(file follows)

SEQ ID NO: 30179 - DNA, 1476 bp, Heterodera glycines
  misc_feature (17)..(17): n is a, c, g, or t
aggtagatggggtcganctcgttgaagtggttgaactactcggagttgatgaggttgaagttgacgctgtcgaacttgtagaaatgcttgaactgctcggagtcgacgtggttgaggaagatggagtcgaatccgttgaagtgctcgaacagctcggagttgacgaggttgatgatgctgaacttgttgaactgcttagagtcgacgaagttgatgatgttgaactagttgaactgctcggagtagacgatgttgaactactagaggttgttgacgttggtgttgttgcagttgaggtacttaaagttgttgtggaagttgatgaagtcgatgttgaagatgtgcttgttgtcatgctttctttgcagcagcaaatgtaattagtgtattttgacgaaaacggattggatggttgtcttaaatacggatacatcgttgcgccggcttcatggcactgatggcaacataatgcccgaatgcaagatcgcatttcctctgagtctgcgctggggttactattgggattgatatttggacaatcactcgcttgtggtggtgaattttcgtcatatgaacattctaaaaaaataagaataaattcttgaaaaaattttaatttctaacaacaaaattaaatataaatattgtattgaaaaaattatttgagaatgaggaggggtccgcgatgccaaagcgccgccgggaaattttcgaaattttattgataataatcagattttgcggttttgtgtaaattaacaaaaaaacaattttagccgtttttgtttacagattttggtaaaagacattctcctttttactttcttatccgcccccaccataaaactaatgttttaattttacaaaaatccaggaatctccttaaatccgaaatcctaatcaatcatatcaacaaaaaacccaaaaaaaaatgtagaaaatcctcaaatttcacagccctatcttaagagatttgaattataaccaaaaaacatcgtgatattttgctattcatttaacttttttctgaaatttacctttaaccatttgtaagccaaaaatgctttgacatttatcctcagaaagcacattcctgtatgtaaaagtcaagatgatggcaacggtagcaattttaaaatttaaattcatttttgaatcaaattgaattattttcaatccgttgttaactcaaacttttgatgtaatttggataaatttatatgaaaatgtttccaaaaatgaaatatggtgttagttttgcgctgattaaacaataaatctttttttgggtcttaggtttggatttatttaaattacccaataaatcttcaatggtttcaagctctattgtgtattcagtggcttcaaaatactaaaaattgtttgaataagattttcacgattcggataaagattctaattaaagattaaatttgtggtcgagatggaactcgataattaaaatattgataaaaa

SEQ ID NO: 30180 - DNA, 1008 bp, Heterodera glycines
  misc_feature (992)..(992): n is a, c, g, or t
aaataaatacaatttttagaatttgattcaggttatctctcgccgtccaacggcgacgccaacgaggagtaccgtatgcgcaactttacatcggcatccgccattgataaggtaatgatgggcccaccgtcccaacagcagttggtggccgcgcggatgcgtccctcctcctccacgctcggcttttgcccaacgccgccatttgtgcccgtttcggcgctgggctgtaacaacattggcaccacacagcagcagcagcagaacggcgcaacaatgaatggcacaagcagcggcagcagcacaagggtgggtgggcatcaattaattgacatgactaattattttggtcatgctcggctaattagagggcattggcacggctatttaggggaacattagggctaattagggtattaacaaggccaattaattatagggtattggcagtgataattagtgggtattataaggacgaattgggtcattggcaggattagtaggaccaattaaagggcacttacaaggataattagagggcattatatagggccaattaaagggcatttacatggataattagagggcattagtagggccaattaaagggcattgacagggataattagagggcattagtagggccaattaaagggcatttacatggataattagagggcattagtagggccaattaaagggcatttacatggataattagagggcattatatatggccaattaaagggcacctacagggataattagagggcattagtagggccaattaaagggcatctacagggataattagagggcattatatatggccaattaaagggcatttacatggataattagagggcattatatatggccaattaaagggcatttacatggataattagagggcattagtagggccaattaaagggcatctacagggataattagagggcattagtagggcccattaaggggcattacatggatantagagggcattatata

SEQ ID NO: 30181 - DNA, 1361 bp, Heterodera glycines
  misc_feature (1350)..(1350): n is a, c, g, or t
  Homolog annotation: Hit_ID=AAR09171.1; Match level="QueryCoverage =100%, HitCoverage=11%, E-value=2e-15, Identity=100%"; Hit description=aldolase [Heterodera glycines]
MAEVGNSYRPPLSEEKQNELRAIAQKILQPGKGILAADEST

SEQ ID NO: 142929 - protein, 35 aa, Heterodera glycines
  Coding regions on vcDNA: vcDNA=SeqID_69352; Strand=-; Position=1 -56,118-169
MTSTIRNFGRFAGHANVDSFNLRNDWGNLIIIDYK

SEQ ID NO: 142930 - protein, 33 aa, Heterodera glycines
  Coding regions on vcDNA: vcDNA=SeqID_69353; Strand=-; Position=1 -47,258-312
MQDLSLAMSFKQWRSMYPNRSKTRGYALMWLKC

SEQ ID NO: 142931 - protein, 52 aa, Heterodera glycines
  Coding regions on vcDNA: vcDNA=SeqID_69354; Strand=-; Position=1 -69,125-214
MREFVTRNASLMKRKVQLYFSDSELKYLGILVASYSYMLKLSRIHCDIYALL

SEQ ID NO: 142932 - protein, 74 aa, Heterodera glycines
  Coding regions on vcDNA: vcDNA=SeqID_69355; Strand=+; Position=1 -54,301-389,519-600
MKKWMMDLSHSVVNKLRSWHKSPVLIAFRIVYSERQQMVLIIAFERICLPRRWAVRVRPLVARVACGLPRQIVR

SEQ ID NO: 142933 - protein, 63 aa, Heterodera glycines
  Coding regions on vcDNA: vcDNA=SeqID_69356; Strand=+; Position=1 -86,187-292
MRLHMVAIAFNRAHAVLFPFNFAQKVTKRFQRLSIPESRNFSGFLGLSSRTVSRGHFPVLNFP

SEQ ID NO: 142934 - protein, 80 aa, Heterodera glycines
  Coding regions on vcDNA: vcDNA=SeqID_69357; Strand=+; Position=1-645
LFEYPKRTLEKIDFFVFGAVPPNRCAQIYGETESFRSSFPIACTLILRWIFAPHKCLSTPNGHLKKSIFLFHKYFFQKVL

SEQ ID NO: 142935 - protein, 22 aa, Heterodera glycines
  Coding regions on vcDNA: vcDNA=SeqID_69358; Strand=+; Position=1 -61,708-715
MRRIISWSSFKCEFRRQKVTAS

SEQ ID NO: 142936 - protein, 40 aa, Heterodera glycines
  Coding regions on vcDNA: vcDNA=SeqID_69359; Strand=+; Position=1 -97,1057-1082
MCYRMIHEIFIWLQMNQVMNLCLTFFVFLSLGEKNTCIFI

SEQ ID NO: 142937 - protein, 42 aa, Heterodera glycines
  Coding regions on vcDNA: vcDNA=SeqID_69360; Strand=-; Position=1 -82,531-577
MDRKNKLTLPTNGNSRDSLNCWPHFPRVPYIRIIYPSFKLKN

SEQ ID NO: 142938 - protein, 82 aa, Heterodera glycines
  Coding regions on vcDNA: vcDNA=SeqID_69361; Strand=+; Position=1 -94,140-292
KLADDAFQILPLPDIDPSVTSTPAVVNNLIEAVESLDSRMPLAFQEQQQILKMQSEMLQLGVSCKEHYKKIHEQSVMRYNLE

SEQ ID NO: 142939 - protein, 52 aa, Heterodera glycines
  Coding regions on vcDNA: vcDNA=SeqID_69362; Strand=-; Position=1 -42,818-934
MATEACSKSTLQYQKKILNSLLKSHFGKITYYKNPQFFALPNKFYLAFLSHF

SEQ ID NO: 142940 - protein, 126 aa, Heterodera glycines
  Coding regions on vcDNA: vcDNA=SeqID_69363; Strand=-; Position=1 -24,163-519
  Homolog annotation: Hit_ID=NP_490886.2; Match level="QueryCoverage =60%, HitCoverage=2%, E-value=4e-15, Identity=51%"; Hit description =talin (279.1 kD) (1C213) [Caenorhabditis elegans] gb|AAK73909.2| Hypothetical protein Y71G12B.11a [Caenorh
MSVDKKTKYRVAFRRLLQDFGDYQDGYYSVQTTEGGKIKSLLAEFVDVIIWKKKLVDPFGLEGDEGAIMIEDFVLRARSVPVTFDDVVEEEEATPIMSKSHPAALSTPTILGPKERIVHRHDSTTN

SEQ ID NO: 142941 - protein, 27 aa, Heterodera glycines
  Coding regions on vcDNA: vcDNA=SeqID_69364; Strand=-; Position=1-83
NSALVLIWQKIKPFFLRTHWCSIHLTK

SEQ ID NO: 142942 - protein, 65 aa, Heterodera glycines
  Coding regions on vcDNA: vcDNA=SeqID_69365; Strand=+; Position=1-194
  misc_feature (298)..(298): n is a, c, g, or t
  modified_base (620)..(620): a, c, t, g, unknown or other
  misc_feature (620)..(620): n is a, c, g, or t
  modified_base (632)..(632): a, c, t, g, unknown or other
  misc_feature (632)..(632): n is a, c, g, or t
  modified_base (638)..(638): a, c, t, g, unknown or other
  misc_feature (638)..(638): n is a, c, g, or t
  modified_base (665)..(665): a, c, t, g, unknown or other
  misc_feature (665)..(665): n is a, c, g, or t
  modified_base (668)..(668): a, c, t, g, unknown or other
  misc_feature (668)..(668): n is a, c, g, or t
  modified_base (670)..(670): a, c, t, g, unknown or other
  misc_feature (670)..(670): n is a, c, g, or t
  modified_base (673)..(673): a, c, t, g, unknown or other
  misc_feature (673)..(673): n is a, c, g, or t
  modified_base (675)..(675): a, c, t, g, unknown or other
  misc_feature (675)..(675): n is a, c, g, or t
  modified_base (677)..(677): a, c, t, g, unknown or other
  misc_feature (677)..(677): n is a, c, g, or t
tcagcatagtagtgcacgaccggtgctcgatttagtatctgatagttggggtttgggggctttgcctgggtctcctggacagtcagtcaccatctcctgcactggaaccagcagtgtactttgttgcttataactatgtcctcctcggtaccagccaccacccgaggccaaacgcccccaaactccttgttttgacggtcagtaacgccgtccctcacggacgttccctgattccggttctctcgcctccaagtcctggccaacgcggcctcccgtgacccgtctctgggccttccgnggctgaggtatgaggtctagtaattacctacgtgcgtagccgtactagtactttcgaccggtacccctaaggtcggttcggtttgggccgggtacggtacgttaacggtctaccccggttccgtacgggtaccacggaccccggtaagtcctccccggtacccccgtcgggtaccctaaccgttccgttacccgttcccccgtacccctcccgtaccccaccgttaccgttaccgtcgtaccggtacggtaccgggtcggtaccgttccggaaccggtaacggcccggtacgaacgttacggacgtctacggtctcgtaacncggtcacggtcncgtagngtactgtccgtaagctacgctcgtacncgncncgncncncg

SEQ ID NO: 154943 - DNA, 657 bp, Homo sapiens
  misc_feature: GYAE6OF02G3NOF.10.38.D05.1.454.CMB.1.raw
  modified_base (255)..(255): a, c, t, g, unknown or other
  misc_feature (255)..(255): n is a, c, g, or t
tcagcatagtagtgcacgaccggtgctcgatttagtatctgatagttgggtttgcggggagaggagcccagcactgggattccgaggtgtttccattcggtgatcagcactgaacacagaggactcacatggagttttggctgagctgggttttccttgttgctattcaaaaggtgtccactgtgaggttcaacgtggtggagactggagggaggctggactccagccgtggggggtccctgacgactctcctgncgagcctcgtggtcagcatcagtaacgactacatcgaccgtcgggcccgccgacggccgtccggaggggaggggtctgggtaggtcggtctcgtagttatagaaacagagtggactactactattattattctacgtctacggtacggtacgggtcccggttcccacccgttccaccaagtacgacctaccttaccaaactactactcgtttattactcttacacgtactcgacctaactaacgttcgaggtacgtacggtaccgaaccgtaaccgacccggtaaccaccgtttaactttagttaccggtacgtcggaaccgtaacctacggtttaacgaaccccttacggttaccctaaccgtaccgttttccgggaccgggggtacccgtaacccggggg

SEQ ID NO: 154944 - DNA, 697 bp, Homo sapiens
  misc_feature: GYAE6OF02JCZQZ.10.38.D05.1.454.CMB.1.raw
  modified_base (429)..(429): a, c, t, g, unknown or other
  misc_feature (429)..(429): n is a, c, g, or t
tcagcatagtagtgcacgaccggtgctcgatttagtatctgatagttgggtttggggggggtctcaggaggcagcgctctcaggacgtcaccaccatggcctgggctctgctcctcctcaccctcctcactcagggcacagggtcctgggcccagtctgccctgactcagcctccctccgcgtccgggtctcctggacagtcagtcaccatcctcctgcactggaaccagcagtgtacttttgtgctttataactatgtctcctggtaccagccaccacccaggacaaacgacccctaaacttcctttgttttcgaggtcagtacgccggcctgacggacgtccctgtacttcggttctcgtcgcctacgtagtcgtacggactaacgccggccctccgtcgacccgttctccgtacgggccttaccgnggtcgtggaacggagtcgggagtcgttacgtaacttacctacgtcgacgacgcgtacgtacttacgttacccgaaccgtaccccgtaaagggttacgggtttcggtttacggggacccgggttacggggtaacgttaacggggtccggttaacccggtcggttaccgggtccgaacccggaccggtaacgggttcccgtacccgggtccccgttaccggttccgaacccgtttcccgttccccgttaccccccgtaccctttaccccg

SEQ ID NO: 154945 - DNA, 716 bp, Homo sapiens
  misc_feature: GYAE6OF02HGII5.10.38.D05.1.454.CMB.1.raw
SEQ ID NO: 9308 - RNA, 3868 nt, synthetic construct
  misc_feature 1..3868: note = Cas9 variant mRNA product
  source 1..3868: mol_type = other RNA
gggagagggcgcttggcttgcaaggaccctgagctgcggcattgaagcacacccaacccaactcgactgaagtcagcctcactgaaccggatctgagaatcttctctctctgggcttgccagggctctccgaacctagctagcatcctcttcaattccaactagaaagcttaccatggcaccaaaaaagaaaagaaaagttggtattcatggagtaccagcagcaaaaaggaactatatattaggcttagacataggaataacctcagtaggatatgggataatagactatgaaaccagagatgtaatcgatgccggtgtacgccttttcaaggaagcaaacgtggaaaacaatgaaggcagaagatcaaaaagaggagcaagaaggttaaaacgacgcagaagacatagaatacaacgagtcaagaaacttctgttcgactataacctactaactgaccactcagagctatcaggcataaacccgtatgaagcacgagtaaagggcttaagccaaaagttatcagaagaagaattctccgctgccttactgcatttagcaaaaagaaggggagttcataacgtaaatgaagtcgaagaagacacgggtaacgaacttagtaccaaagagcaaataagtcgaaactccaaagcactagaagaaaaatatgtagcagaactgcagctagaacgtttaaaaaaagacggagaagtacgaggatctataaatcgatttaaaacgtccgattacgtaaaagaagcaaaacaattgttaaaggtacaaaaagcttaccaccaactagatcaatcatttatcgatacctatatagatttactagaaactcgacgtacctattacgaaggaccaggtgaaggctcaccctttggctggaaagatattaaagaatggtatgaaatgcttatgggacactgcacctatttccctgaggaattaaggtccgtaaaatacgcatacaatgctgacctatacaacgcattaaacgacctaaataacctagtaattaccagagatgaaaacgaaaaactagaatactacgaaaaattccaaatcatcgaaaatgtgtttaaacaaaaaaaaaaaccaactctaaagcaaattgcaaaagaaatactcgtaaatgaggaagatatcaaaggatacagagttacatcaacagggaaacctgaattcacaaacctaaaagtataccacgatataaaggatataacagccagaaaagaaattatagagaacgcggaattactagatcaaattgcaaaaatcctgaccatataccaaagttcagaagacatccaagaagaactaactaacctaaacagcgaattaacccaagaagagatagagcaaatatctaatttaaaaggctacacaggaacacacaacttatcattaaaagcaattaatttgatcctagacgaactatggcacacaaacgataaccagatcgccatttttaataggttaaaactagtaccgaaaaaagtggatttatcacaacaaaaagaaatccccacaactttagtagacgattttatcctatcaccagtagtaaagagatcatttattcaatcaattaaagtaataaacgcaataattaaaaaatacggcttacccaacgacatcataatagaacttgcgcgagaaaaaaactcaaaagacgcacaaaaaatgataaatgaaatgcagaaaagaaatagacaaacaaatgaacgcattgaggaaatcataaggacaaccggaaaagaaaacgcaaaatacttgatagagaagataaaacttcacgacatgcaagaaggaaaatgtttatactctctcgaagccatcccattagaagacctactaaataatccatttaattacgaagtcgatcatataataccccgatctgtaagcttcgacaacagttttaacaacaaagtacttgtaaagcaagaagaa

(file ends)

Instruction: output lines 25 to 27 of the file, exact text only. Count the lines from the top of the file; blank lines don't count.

MRLHMVAIAFNRAHAVLFPFNFAQKVTKRFQRLSIPESRNFSGFLGLSSRTVSRGHFPVLNFP

SEQ ID NO: 142934 - protein, 80 aa, Heterodera glycines
  Coding regions on vcDNA: vcDNA=SeqID_69357; Strand=+; Position=1-645